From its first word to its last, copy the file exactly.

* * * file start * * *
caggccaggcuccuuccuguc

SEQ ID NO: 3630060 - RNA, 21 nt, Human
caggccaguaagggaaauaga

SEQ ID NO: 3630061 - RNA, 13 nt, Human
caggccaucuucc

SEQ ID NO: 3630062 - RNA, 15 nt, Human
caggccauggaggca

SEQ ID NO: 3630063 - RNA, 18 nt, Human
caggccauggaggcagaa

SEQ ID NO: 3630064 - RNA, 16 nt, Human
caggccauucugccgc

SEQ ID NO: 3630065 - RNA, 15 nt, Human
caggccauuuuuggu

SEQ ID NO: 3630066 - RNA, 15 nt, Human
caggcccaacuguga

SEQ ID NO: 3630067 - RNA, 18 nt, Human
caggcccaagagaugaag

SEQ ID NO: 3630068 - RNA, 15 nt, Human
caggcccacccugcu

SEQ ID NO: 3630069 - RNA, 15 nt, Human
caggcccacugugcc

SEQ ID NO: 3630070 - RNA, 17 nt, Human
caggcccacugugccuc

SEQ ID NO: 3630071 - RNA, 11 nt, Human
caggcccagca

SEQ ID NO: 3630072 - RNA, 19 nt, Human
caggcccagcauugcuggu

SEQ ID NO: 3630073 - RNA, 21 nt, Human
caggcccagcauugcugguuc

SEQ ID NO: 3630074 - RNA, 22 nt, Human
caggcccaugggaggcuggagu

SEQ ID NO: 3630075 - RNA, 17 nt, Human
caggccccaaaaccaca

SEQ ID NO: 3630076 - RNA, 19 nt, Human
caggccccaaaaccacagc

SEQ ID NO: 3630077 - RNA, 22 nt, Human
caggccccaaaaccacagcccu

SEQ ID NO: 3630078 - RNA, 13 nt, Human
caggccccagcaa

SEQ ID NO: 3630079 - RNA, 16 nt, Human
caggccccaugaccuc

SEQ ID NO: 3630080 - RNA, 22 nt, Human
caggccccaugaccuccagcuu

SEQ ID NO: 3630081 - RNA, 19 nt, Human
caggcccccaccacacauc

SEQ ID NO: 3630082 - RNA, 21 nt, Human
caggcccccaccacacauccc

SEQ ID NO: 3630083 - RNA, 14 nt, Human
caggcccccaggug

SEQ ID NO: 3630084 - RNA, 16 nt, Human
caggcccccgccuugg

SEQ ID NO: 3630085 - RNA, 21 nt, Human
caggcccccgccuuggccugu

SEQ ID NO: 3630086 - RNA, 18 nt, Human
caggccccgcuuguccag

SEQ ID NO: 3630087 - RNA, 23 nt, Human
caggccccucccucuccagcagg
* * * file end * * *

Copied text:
caggccaggcuccuuccuguc

SEQ ID NO: 3630060 - RNA, 21 nt, Human
caggccaguaagggaaauaga

SEQ ID NO: 3630061 - RNA, 13 nt, Human
caggccaucuucc

SEQ ID NO: 3630062 - RNA, 15 nt, Human
caggccauggaggca

SEQ ID NO: 3630063 - RNA, 18 nt, Human
caggccauggaggcagaa

SEQ ID NO: 3630064 - RNA, 16 nt, Human
caggccauucugccgc

SEQ ID NO: 3630065 - RNA, 15 nt, Human
caggccauuuuuggu

SEQ ID NO: 3630066 - RNA, 15 nt, Human
caggcccaacuguga

SEQ ID NO: 3630067 - RNA, 18 nt, Human
caggcccaagagaugaag

SEQ ID NO: 3630068 - RNA, 15 nt, Human
caggcccacccugcu

SEQ ID NO: 3630069 - RNA, 15 nt, Human
caggcccacugugcc

SEQ ID NO: 3630070 - RNA, 17 nt, Human
caggcccacugugccuc

SEQ ID NO: 3630071 - RNA, 11 nt, Human
caggcccagca

SEQ ID NO: 3630072 - RNA, 19 nt, Human
caggcccagcauugcuggu

SEQ ID NO: 3630073 - RNA, 21 nt, Human
caggcccagcauugcugguuc

SEQ ID NO: 3630074 - RNA, 22 nt, Human
caggcccaugggaggcuggagu

SEQ ID NO: 3630075 - RNA, 17 nt, Human
caggccccaaaaccaca

SEQ ID NO: 3630076 - RNA, 19 nt, Human
caggccccaaaaccacagc

SEQ ID NO: 3630077 - RNA, 22 nt, Human
caggccccaaaaccacagcccu

SEQ ID NO: 3630078 - RNA, 13 nt, Human
caggccccagcaa

SEQ ID NO: 3630079 - RNA, 16 nt, Human
caggccccaugaccuc

SEQ ID NO: 3630080 - RNA, 22 nt, Human
caggccccaugaccuccagcuu

SEQ ID NO: 3630081 - RNA, 19 nt, Human
caggcccccaccacacauc

SEQ ID NO: 3630082 - RNA, 21 nt, Human
caggcccccaccacacauccc

SEQ ID NO: 3630083 - RNA, 14 nt, Human
caggcccccaggug

SEQ ID NO: 3630084 - RNA, 16 nt, Human
caggcccccgccuugg

SEQ ID NO: 3630085 - RNA, 21 nt, Human
caggcccccgccuuggccugu

SEQ ID NO: 3630086 - RNA, 18 nt, Human
caggccccgcuuguccag

SEQ ID NO: 3630087 - RNA, 23 nt, Human
caggccccucccucuccagcagg